No Description
esell fd111501fe
check for dpkg in makefile
3 months ago
DEBIAN add deb target. fixes #23 3 months ago
samples Support for signed Releases file (#26) 3 months ago
vendor update dep info 3 months ago
.gitignore Support for signed Releases file (#26) 3 months ago
.travis.yml update sample conf 3 months ago
Gopkg.lock update dep info 3 months ago
Gopkg.toml back to dep 1 year ago
LICENSE.txt add license 3 years ago
Makefile check for dpkg in makefile 3 months ago move away from self-hosted :( 3 months ago
http.go Static Analysis / Restructure (#27) 3 months ago
http_test.go Static Analysis / Restructure (#27) 3 months ago
main.go Static Analysis / Restructure (#27) 3 months ago
main_test.go Static Analysis / Restructure (#27) 3 months ago
packages.go Static Analysis / Restructure (#27) 3 months ago
packages_test.go Static Analysis / Restructure (#27) 3 months ago
sample_conf.json update sample conf 3 months ago
signing.go Static Analysis / Restructure (#27) 3 months ago
signing_test.go Static Analysis / Restructure (#27) 3 months ago

Build Status Coverage Status

deb-simple (get it? dead simple.. deb simple…)

A lightweight, bare-bones apt repository server.


This project came from a need I had to be able to serve up already created deb packages without a lot of fuss. Most of the existing solutions I found were either geared at mirroring existing “official” repos or for providing your packages to the public. My need was just something that I could use internally to install already built deb packages via apt-get. I didn’t care about change files, signed packages, etc. Since this was to be used in a CI pipeline it had to support remote uploads and be able to update the package list after each upload.

What it does:

  • Supports multiple versions of packages
  • Supports multi-arch repos (i386, amd64, custom, etc)
  • Supports uploading via HTTP/HTTPS POST requests
  • Supports removing packages via HTTP/HTTPS DELETE requests
  • Does NOT require a changes file
  • Supports uploads from various locations without corrupting the repo
  • Supports API keys to protect who can upload/delete packages
  • Supports signing package release files

What it doesn’t do:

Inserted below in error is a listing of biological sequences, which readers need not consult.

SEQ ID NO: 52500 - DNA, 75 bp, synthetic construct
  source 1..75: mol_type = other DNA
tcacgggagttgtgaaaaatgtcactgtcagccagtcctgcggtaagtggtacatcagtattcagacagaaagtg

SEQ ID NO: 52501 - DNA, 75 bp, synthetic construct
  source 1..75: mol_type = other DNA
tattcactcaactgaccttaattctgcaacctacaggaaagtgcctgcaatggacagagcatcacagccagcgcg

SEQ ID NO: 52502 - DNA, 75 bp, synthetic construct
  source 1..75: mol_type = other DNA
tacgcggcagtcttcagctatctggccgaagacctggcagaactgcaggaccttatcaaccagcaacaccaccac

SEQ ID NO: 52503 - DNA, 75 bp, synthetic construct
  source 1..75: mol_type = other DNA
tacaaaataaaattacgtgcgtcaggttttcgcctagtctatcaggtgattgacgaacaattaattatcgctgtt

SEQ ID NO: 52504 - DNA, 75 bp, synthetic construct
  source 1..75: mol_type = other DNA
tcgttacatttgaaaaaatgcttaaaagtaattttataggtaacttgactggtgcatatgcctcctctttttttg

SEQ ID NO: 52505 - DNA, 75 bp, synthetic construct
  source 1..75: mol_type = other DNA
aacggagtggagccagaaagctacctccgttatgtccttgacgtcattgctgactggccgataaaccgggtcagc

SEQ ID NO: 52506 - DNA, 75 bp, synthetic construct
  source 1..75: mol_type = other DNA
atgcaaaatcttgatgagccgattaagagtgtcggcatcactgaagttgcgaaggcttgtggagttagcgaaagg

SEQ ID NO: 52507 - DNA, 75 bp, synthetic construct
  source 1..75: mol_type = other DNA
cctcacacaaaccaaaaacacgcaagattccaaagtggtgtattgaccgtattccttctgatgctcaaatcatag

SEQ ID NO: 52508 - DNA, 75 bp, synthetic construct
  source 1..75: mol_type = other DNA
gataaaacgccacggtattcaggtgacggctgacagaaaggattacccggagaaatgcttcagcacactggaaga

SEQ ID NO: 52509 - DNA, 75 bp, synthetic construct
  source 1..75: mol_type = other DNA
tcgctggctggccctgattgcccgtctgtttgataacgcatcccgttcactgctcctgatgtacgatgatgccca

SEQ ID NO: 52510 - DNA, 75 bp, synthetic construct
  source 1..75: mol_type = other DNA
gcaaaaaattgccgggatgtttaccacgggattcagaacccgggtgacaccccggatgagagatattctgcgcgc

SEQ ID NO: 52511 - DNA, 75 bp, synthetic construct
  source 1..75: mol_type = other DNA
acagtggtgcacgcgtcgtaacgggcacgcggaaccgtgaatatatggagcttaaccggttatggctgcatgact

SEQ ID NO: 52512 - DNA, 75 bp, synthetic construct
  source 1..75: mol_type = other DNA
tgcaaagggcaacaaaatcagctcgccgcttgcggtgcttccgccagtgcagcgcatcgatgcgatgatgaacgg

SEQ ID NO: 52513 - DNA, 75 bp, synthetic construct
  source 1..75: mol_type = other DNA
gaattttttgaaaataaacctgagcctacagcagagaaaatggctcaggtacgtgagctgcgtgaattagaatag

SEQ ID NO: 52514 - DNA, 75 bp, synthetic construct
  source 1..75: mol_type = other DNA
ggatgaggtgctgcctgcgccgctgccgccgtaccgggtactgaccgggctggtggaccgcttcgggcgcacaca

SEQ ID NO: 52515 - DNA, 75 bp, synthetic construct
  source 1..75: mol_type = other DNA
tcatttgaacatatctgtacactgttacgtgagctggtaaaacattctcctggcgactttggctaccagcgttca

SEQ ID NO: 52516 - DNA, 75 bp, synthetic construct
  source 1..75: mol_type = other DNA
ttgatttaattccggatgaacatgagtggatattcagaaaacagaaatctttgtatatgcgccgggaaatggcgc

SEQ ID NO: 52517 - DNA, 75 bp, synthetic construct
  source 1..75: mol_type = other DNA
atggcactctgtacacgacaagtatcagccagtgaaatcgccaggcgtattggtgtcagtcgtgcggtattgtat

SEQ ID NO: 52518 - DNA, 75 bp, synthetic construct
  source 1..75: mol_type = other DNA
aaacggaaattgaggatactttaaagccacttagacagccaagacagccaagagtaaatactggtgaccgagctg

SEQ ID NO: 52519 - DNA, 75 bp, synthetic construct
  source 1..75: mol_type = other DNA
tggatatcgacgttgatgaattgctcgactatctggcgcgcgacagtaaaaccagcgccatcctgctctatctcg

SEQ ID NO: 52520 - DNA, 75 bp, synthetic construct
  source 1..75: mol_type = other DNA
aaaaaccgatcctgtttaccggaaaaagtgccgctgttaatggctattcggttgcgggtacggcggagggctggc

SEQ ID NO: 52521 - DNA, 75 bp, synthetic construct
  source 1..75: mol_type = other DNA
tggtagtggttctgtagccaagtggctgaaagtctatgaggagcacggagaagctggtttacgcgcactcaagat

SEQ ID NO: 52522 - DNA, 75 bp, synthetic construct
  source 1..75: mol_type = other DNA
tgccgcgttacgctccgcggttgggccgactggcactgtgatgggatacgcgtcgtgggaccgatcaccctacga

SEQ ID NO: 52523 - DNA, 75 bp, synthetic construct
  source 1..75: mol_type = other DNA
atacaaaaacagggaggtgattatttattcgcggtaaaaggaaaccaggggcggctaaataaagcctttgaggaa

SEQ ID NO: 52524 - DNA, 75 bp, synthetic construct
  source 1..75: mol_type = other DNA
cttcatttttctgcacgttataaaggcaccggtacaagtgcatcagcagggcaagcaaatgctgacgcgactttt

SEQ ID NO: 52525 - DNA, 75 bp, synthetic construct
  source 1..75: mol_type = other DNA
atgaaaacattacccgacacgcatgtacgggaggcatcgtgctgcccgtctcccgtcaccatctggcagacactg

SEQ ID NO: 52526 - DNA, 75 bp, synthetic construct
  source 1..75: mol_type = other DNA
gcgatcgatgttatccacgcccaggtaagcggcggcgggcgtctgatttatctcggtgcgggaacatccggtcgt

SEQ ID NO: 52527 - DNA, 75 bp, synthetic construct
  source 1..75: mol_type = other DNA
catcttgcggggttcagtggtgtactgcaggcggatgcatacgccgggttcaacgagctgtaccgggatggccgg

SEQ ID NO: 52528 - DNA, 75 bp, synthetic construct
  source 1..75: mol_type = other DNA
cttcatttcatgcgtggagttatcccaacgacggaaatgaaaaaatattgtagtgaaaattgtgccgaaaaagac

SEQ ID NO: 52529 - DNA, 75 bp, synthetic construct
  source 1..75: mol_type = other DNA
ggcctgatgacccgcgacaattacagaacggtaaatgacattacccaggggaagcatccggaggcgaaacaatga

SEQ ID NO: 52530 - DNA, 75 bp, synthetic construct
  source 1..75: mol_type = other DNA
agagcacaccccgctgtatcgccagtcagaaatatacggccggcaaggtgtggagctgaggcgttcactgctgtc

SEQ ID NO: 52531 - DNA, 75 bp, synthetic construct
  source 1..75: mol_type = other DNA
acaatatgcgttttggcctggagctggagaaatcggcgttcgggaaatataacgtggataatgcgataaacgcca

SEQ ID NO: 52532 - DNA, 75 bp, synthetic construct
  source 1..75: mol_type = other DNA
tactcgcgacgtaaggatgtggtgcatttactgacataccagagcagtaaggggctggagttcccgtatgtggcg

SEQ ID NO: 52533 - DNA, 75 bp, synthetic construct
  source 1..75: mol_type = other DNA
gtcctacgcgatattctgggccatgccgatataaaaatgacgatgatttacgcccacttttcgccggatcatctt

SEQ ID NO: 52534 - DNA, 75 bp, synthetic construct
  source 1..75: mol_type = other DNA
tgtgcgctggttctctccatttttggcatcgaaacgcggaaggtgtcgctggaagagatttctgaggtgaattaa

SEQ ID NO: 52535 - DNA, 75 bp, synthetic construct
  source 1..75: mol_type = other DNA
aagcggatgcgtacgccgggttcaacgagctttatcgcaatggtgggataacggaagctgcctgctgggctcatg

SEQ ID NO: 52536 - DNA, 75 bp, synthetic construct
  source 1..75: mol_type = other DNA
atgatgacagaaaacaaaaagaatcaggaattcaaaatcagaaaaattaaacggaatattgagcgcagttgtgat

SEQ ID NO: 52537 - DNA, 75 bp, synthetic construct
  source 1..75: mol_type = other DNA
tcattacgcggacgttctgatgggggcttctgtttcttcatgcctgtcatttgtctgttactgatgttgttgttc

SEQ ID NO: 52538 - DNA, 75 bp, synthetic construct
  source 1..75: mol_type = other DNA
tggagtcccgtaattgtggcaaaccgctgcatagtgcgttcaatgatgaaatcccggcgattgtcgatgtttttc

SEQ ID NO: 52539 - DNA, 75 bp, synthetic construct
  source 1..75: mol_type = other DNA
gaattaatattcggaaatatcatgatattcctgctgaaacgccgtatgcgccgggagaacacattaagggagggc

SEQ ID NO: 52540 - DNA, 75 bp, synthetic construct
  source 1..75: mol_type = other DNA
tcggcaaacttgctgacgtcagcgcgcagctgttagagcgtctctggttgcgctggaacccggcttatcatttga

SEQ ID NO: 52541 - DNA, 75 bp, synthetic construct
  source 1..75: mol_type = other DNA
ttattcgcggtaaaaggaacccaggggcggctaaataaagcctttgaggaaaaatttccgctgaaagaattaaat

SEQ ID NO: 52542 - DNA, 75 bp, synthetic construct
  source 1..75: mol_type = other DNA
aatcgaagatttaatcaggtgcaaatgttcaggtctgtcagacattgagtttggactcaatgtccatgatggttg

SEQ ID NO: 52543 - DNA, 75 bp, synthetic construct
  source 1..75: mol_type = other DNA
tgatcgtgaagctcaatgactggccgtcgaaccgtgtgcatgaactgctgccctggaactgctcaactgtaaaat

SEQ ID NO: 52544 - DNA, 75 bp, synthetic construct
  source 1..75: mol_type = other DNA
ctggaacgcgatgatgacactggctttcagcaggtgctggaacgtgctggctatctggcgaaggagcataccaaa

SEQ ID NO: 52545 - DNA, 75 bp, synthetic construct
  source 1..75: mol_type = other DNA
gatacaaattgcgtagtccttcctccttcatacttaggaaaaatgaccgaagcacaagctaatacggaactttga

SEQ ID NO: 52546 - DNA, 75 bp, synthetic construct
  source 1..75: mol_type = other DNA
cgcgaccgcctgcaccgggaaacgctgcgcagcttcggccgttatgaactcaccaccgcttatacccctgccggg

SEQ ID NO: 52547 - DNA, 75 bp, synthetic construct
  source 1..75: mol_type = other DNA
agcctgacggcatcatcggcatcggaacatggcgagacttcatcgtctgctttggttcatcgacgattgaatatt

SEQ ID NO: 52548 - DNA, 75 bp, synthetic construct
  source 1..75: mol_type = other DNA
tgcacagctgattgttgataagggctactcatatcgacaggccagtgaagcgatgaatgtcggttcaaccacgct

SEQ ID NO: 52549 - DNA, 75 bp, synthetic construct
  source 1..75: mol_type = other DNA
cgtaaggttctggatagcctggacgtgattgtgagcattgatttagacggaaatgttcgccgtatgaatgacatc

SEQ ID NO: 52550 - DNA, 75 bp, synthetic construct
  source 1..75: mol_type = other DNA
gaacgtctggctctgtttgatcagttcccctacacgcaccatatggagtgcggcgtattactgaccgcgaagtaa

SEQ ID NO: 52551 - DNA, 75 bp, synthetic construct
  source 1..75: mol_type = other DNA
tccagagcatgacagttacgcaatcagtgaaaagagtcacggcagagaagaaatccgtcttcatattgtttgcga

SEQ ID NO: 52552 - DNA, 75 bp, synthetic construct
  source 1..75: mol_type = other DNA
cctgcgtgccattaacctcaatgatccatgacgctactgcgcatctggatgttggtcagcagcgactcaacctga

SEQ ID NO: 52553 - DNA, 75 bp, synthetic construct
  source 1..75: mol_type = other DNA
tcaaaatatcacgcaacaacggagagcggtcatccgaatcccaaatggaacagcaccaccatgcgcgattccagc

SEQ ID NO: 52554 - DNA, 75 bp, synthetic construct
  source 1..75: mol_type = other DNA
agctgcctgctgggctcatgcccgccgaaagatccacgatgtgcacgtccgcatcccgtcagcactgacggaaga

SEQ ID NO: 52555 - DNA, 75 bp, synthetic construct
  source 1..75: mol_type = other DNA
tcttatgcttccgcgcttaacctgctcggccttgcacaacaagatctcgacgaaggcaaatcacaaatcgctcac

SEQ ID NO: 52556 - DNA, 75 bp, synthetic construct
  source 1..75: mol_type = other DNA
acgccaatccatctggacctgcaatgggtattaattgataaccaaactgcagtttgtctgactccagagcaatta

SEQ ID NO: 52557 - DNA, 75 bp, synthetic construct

• Create actual packages
  • Mirror existing repos

General Usage:

This project is now using the native Go vendoring feature so you will need to build with Go >1.7 or if using 1.5/1.6 you will need to make sure GO15VENDOREXPERIMENT is set to 1.

If you do not want to build from source you can just download a pre-built binary from the Releases section.

Fill out the conf.json file with the values you want, it should be pretty self-explanatory, then fire it up!

Once it is running POST a file to the /upload endpoint:

curl -XPOST 'http://localhost:9090/upload?arch=amd64&distro=stable&section=main' -F "file=@myapp.deb"

Or delete an existing file:

curl -XDELETE 'http://localhost:9090/delete' -d '{"filename":"myapp.deb","distroName":"stable","arch":"amd64", "section":"main"}'

To use your new repo you will have to add a line like this to your sources.list file:

deb http://my-hostname:listenPort/ stable main

my-hostname should be the actual hostname/IP where you are running deb-simple and listenPort will be whatever you set in the config. By default deb-simple puts everything into the stable distro and main section but these can be changed in the config. If you have enabled SSL you will want to swap http for https.

Package Signing

deb-simple can sign the package release file for you, which will stop apt-get from complaining about insecure sources when you update. To do this you need to enable it in the config file by setting enableSigning to true, and privateKey to the path to your GPG signing key.

If you don’t have an existing key deb-simple can help generate one for you. Run:

./deb-simple -k -kn "My Name" -ke ""

This will produce two files in the current directory: public.key and private.key. I suggest putting public.key in the repository root somewhere so it can be downloaded by clients that need it, and putting private.key somewhere relatively secure on the file system.

To add your new key on a client run the following command:

wget -qO - http://my-hostname:listenPort/public.key | sudo apt-key add -

This uses Go’s native openpgp library, so key support is cross platform, and doesn’t require or interact with any existing keyring on the system.

Using API keys:

deb-simple supports the idea of an API key to limit who can upload and delete packages. To use the API keys feature you first need to enable it in the config file by setting enableAPIKeys to true. Once that is done you’ll need to generate at least one API key. To do that just run deb-simpled -g and an API key will be printed to stdout.

Now that you have a key you’ll need to include it in your POST and DELETE requests by simply adding on the key URL parameter. An example for an upload might look like:

curl -XPOST 'http://localhost:9090/upload?arch=amd64&distro=stable&section=main&key=MY_BIG_API_KEY' -F "file=@myapp.deb"

A delete would look like:

curl -XDELETE 'http://localhost:9090/delete?key=MY_BIG_API_KEY' -d '{"filename":"myapp.deb","distroName":"stable","arch":"amd64", "section":"main"}'

If you want an automatable service which builds you packages, either manualy or via CI/CD, checkout debpkg, which makes it very easy to create complex packages with almost no work.

If you want to continuous deliver created packages to deb-simple server, it is not recommended to place the key somewhere others could find it. You can use deb-simple-cd-helper, which allows you to place a plaintext file with the api key somewhere on your build server without the need to expose it.

Do you use this?

If you use deb-simple somewhere I’d love to hear about it! Make a PR to add your company/group/cult :)


MIT so go crazy